Star Trek: Into Cannon Darkness

Warning: Spoilers Ahead


As I’ve mentioned before, I’m a big closet Star Trek fan, but with the baby on the way it took a little more than a week to get into theaters and fulfill my Trekie obligation of seeing Into Darkness.  I left the movie mostly satisfied, but came to a realization: this movie is really tied down by mythos and cannon, and it definitely got in the way of the story.

I’ll admit that I was pretty excited to think that they were going to do a “Khan” story. I have a soft spot in my heart for “alternate histories” (a la the Age of Apocalypse, the New 52, or even Yesterday’s Enterprise), and I thought it would be interesting to see how Khan would be developed in this post-Vulcan Trek universe.  However it became pretty apparent that in the writers room went something like this:

“Ok, we’re going to remake the Wrath of Khan.”

“Wait a minute, who said we were going to remake the movie? I thought that we were telling a new story!”

“No, we are, but people expect to see Wrath of Kahn, so I made this list of nostalgic things from the Wrath of Khan that we need to see in this movie.  Let’s put these things in the movie – this is where we want to end up. Now figure out how we get there.”


I’m sure the remake checklist had the following items in it:

  • Someone needs to scream “KHHAAAAAAN!”
  • Spock Kirk needs to die, let’s get in the “needs of the many” line
    • In fact, let’s make sure the death involves getting the mains back on line
    • Also let’s get Scotty there talking about radiation flooding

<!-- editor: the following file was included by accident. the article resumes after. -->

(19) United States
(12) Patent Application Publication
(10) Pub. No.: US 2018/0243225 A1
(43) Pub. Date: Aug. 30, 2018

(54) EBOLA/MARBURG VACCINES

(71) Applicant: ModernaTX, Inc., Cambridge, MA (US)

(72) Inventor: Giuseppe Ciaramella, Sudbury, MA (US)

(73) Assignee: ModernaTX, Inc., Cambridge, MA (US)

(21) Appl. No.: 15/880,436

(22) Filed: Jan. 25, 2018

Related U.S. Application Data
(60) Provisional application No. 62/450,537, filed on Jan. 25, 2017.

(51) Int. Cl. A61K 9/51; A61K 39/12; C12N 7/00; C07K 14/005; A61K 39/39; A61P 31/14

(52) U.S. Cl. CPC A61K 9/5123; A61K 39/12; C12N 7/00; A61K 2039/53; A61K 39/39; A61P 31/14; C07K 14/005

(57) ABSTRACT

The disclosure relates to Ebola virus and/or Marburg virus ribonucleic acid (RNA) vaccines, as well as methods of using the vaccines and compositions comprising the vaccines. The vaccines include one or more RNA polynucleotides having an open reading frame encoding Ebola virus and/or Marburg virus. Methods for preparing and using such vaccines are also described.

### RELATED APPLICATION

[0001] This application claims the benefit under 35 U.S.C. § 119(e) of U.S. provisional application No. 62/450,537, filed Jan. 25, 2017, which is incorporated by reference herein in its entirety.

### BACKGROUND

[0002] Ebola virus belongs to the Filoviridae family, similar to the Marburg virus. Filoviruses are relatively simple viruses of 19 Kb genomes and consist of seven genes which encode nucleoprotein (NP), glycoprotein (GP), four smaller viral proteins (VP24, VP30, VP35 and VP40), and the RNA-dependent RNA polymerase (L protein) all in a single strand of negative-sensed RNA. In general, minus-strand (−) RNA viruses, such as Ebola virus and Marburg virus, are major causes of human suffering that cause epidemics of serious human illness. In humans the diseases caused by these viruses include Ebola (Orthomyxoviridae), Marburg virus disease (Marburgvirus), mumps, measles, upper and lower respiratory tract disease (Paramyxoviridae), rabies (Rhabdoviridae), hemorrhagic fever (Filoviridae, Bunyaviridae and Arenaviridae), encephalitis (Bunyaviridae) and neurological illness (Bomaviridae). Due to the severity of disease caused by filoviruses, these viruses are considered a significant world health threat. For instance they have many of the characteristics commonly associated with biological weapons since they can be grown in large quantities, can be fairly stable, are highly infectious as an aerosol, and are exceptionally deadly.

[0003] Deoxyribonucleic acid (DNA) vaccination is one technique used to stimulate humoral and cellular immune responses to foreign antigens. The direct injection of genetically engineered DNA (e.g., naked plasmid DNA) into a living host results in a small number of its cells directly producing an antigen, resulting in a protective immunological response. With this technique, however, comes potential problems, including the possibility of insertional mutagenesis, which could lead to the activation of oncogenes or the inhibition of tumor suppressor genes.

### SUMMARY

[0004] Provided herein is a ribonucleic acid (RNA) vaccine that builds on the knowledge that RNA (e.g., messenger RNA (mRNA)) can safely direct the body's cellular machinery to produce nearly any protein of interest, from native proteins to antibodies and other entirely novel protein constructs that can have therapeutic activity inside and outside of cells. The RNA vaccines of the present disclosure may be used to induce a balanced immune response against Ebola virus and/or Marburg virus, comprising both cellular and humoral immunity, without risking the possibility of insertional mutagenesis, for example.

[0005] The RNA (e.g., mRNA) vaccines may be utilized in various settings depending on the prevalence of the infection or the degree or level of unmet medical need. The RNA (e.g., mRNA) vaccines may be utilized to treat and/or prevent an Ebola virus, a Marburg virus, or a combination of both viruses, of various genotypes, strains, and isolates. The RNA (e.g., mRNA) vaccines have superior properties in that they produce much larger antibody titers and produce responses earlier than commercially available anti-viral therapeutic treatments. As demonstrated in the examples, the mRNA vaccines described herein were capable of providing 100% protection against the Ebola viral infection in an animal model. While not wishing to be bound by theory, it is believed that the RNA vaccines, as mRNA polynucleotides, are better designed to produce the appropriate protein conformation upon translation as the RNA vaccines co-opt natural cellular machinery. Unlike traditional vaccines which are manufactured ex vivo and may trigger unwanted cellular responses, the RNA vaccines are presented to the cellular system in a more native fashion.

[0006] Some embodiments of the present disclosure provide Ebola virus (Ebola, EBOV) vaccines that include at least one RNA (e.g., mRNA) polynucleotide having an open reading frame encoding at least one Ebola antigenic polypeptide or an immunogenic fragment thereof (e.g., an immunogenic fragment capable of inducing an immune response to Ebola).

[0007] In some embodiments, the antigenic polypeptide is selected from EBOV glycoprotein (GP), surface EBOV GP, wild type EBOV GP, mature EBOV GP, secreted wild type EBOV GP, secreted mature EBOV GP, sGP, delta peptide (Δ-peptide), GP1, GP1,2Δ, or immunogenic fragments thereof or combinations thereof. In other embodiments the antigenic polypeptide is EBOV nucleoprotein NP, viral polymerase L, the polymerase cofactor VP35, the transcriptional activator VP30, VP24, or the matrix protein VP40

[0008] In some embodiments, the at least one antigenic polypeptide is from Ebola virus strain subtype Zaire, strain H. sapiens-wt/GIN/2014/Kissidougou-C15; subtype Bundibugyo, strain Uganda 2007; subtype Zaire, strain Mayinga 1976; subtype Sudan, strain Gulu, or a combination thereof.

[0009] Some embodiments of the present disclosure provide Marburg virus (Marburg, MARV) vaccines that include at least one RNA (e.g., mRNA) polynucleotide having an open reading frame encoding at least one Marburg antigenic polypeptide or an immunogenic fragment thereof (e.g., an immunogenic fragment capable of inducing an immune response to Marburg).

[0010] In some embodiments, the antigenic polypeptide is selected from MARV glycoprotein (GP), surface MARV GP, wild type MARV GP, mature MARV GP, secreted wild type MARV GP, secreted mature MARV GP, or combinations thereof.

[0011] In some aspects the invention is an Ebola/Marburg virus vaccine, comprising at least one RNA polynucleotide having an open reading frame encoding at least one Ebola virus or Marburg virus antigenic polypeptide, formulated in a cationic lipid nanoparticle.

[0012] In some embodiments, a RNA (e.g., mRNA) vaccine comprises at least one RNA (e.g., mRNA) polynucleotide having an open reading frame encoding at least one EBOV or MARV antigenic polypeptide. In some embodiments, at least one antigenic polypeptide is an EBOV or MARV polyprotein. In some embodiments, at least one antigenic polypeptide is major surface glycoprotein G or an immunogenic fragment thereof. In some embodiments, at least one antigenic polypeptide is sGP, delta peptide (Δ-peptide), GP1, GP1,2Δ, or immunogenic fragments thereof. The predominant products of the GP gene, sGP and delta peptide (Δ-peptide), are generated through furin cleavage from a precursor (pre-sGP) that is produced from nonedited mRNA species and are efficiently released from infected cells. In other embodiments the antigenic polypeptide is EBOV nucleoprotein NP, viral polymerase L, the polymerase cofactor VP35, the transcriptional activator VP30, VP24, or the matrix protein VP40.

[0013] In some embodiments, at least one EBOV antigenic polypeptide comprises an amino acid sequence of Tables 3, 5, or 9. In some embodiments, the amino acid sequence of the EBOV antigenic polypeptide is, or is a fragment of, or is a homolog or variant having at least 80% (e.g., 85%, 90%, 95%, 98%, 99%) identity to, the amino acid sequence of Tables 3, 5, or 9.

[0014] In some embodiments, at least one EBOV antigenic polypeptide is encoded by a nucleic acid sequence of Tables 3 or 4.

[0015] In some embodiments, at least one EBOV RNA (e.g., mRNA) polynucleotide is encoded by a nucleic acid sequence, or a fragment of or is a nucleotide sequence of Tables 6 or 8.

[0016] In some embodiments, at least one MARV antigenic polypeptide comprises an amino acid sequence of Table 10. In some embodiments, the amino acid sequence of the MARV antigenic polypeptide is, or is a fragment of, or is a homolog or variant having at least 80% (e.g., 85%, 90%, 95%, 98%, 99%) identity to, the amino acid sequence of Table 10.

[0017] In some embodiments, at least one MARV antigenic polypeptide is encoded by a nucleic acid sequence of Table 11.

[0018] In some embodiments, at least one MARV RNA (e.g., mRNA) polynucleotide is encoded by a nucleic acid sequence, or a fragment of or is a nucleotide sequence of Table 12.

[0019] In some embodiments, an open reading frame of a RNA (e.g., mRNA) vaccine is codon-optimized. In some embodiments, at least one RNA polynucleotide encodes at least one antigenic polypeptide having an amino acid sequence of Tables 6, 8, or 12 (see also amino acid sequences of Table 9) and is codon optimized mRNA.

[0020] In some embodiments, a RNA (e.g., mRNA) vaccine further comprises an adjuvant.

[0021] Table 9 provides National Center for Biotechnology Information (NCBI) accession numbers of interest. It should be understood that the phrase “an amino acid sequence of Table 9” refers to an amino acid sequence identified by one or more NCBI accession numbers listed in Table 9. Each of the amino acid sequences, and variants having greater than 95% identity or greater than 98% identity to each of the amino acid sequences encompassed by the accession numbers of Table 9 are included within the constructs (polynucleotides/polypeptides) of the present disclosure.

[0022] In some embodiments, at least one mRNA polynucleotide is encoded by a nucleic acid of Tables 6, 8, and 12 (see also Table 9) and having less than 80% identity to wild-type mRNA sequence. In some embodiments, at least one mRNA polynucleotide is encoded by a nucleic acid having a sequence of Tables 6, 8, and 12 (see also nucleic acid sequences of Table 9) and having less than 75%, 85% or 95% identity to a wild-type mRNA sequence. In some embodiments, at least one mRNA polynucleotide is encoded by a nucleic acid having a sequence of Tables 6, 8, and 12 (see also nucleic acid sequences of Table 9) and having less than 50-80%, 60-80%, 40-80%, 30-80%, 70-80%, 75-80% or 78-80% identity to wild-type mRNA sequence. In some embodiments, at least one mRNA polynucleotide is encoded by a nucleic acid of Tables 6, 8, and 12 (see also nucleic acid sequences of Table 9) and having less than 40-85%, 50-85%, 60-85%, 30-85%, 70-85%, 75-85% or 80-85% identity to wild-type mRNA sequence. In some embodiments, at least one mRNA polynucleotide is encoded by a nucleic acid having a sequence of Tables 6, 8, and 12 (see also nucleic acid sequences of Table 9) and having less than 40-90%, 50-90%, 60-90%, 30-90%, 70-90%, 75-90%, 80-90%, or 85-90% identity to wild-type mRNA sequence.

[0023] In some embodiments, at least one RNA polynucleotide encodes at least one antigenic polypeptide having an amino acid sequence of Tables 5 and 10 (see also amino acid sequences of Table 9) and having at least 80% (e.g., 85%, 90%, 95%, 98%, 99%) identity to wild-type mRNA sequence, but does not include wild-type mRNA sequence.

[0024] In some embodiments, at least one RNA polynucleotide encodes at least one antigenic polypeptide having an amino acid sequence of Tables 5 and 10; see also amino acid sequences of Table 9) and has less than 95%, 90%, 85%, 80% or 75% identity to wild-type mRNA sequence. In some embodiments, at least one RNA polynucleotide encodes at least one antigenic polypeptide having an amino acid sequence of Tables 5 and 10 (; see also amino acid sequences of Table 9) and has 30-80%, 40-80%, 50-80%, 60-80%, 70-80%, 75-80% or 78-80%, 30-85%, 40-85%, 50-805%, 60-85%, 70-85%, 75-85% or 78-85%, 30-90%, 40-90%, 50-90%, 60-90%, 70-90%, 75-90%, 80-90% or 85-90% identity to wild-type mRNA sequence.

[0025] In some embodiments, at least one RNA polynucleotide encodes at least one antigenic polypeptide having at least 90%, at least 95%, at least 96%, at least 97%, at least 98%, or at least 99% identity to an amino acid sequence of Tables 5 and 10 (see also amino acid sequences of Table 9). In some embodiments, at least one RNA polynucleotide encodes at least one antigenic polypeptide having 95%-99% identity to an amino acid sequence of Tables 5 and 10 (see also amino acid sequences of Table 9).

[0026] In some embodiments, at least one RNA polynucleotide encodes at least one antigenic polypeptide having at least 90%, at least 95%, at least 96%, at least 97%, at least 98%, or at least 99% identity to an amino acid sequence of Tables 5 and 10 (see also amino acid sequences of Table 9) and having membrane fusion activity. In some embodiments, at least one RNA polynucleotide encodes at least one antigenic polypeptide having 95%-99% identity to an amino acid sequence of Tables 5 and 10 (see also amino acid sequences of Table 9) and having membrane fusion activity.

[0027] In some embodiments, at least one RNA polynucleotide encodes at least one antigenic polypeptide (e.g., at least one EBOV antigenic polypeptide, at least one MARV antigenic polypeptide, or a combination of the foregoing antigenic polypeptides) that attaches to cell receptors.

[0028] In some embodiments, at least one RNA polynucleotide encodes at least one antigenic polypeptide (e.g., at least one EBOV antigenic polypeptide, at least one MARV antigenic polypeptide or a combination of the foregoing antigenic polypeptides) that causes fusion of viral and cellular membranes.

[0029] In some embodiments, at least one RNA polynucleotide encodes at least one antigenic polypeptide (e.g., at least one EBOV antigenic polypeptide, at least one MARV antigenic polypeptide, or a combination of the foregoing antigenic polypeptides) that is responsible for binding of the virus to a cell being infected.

• Lets get 2 Marcus’ in there: Carol and preferably the son, but if the son’s not available – then her dad.
  • Don’t forget Section 31, because they weren’t so secret after all.

They started there, then filled in the blanks to round out the story, counting how many times they can wink to the audience with mentions of Harry Mudd and Tribbles.

Look, I appreciate the callbacks.  The older (and more married) I get, the less opportunities I have to watch Star Trek, so I love opportunities to geek out. That said: you can talk about “a reboot” all you want, but Star Trek now has even more baggage than ever.  At least before they had to worry about the mythos and history of Trek, but now they need to figure out how they can recycle the same stories and keep the interest of all the Trekies.  You’re letting it get in the way of good story-telling, and before you know it you’ll accomplish the very thing you wanted to avoid with a reboot – alienating casual fans. Right now I’m dreading the “Genesis” references that the next movie will bring.

Trek writers & producers: please don’t worry about ruining my childhood. Through Netflix and my DVD collection, I can go relive those moments when I yearn for nostalgic Trek. Instead, just write a good story. Use some or even no past Trek characters, but if you’re looking for somewhere to begin: start with a compelling villain.